Doll and I headed out to hunt pheasants the other day, and once again I was the weak link in our partnership. The birds were as plentiful as my shooting was inaccurate.
OK, my dog wasn’t perfect. We were hunting public land where the birds get plenty of pressure, so we had lots of runners and wild flushing birds rather than points. Doll was probably pushing them too hard. I managed to put one on the ground, on a day when I should have hit more. But that wasn’t necessarily a bad thing.
Occasionally, I shoot better and am confronted by a mess of birds at the end of a hunt. In such cases, especially with quail, I begin the cleaning process with great ambition, plucking a bird or two. When that grows old, however, I soon revert to skinning.
Game birds lack the subcutaneous fat of grocery store chickens so you don’t necessarily lose that much by skinning. Still, a plucked bird browns to a nice mahogany and the skin shields the meat beneath from the harsh heat of the oven. You can brown a skinless bird, but the meat gets stringy. Wrapping with bacon or prosciutto helps, but if you take time to pluck, the pork fat shield isn’t necessary.
Standing at the tailgate of the truck, faced with a lone bird, I couldn’t muster an excuse. So I started picking feathers.
Plucking revealed something: a bunch of pin feathers. I hadn’t noticed before, but this was a young rooster. That’s good as the skin is more likely to pay off with a young bird. Gutting followed. The giblets went to the dog and the bird went into a brine bath. In a brine the bird picks up seasoning, and more importantly, moisture, which provides a buffer against overcooking and dry, cottony meat.
I’ve experimented a bit with brining, especially with smaller quail and chukar, and I’ve left those birds in the salt bath too long. That isn’t the worst thing in the world, but they can be over-seasoned. I just chunk those birds out and make a salad for sandwiches or stew them with chillis to eat with rice and beans.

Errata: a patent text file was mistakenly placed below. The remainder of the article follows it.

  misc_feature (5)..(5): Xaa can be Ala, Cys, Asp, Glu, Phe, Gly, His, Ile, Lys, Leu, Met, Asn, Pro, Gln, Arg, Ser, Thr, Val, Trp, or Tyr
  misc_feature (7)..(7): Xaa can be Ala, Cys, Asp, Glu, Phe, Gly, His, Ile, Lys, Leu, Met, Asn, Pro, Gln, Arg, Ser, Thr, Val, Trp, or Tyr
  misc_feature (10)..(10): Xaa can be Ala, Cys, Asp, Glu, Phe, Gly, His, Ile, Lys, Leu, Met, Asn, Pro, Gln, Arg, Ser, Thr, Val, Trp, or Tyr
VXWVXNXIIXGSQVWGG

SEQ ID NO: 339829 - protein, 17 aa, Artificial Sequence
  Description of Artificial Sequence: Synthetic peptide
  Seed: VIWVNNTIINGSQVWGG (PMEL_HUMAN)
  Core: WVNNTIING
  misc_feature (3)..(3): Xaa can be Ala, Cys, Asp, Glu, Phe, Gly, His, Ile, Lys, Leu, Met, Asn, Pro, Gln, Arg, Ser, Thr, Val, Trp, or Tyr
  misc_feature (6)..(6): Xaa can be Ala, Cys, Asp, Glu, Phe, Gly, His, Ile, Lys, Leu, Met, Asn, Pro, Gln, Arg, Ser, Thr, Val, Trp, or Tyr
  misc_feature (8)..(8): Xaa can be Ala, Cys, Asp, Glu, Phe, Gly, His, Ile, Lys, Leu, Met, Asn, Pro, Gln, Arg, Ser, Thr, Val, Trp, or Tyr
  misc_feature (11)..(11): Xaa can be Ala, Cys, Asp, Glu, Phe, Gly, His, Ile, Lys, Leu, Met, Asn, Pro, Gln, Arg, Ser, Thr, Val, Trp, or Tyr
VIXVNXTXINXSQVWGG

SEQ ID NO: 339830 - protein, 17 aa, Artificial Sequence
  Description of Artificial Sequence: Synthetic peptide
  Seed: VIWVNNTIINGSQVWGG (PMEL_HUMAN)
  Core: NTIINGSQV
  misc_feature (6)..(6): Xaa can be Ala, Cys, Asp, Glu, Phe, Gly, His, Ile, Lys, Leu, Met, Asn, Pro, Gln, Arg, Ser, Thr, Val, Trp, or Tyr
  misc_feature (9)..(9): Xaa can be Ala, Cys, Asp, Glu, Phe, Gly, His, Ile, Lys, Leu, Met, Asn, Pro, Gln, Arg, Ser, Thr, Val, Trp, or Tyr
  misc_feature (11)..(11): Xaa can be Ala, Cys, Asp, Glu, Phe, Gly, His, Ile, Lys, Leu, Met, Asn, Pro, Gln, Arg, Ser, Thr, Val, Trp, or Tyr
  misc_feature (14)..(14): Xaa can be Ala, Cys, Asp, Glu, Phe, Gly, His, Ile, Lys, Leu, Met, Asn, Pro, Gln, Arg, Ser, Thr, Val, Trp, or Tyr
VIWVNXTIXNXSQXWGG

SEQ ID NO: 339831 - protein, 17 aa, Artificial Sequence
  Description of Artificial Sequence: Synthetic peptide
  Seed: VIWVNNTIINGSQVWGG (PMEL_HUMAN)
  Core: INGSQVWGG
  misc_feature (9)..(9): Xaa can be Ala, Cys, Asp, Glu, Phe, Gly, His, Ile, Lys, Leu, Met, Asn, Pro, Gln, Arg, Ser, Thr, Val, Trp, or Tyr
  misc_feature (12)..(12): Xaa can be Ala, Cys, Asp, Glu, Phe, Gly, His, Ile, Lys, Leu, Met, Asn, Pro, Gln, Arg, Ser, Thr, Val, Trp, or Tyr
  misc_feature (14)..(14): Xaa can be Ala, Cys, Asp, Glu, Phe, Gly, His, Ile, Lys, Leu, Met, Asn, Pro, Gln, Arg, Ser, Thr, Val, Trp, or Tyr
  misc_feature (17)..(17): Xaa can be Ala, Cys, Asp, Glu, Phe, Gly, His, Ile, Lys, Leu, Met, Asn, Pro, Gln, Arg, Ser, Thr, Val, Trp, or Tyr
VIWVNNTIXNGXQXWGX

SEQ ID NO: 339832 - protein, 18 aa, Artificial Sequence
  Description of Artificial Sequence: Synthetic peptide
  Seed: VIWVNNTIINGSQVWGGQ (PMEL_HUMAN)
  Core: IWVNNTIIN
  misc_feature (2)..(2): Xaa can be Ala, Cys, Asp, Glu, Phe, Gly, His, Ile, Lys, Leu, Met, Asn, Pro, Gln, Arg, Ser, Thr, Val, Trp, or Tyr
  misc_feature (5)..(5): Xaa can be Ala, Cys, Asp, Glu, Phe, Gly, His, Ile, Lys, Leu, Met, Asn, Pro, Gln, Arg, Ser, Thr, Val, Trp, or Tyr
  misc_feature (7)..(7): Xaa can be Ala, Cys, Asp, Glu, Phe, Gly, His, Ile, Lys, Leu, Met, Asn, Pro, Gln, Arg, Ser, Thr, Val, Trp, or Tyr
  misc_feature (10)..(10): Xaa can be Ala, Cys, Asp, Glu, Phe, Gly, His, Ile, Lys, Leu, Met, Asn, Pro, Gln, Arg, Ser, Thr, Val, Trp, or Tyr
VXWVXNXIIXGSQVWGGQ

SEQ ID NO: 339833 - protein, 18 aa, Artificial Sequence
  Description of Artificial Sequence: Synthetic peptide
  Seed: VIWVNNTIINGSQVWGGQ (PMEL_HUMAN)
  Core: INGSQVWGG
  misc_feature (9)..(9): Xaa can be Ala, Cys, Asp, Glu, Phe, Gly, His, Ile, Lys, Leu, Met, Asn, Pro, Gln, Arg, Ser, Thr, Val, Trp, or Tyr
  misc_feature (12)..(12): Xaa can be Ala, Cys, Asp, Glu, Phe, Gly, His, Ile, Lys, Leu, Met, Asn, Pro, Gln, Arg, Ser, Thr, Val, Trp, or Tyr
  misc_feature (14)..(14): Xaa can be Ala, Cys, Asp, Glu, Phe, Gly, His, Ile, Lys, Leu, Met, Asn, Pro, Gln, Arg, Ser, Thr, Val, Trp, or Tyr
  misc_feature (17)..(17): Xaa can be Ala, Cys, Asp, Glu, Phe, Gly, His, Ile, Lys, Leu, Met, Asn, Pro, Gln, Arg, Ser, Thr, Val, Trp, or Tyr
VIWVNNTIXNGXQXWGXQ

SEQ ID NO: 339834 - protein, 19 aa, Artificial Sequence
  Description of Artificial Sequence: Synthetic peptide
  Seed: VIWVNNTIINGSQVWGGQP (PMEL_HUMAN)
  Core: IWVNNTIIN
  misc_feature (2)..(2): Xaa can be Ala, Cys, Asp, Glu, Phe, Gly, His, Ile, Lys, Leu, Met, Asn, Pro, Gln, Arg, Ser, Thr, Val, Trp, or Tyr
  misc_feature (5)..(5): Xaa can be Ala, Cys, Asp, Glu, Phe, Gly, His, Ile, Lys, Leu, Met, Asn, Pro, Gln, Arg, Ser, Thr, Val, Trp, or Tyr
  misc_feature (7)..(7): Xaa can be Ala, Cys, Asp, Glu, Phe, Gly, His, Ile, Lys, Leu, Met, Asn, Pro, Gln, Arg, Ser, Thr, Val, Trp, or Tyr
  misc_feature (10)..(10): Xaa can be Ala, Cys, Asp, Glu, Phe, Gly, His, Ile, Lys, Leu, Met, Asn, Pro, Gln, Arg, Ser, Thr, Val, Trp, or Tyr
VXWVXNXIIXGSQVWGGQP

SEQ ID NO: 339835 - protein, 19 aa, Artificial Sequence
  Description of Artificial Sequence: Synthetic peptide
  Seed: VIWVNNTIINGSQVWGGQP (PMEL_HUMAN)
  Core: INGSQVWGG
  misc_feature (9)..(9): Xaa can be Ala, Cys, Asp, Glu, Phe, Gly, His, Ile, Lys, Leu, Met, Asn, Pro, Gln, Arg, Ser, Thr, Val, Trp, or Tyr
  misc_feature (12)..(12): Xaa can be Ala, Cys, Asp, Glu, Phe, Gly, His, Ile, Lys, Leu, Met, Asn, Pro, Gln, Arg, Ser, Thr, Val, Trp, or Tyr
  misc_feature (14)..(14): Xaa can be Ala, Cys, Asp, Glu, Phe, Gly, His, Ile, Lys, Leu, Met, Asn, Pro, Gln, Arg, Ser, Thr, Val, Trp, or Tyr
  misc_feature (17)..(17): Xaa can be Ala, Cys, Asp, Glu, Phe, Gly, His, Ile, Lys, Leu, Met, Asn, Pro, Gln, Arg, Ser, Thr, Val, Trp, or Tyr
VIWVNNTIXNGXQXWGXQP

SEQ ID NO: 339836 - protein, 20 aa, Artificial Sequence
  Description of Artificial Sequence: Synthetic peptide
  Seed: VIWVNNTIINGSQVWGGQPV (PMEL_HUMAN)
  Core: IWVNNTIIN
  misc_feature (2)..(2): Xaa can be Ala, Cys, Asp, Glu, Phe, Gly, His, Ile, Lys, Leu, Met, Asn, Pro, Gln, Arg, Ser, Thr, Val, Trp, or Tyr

I dropped my pheasant in the brine without considering the clock. I wanted to leave it in the pool about four hours, but grew too tired to stay up late. My solution was to set the alarm for the middle of the night. I figured I could wake long enough to drain and rinse the bird, then be back in bed without realizing I’d ever risen in the first place. Instead, I slept through the alarm and rose sometime after sunrise. The bird had been in the brine bath for eight hours when I fished it out.
I worried it would be too salty, but the following night I went ahead with my roasting plans anyway. I left the bird uncovered in the refrigerator all day to dry out the skin, and then as the oven heated, I trussed the pheasant up and smeared it with butter.
Trussing is worth the few minutes it takes to wrap twine around the bird and pull the legs tight against the body. Otherwise, the legs stick straight out and can be dry and charred by the time the rest of the bird cooks.
I put it in a rocking hot oven and then turned the heat down after 15 minutes. I pulled the bird when a thermometer inserted into the thigh registered 150 degrees and rested it before carving. The breasts were tender and moist but the thighs were a little too pink. I popped them in the still hot oven for another five minutes and all was good.
That’s the solution for undercooked game birds. If you overcook there’s no turning back, and the only one happy is the dog.
Rob Breeding is the editor of www.mthookandbullet.com.
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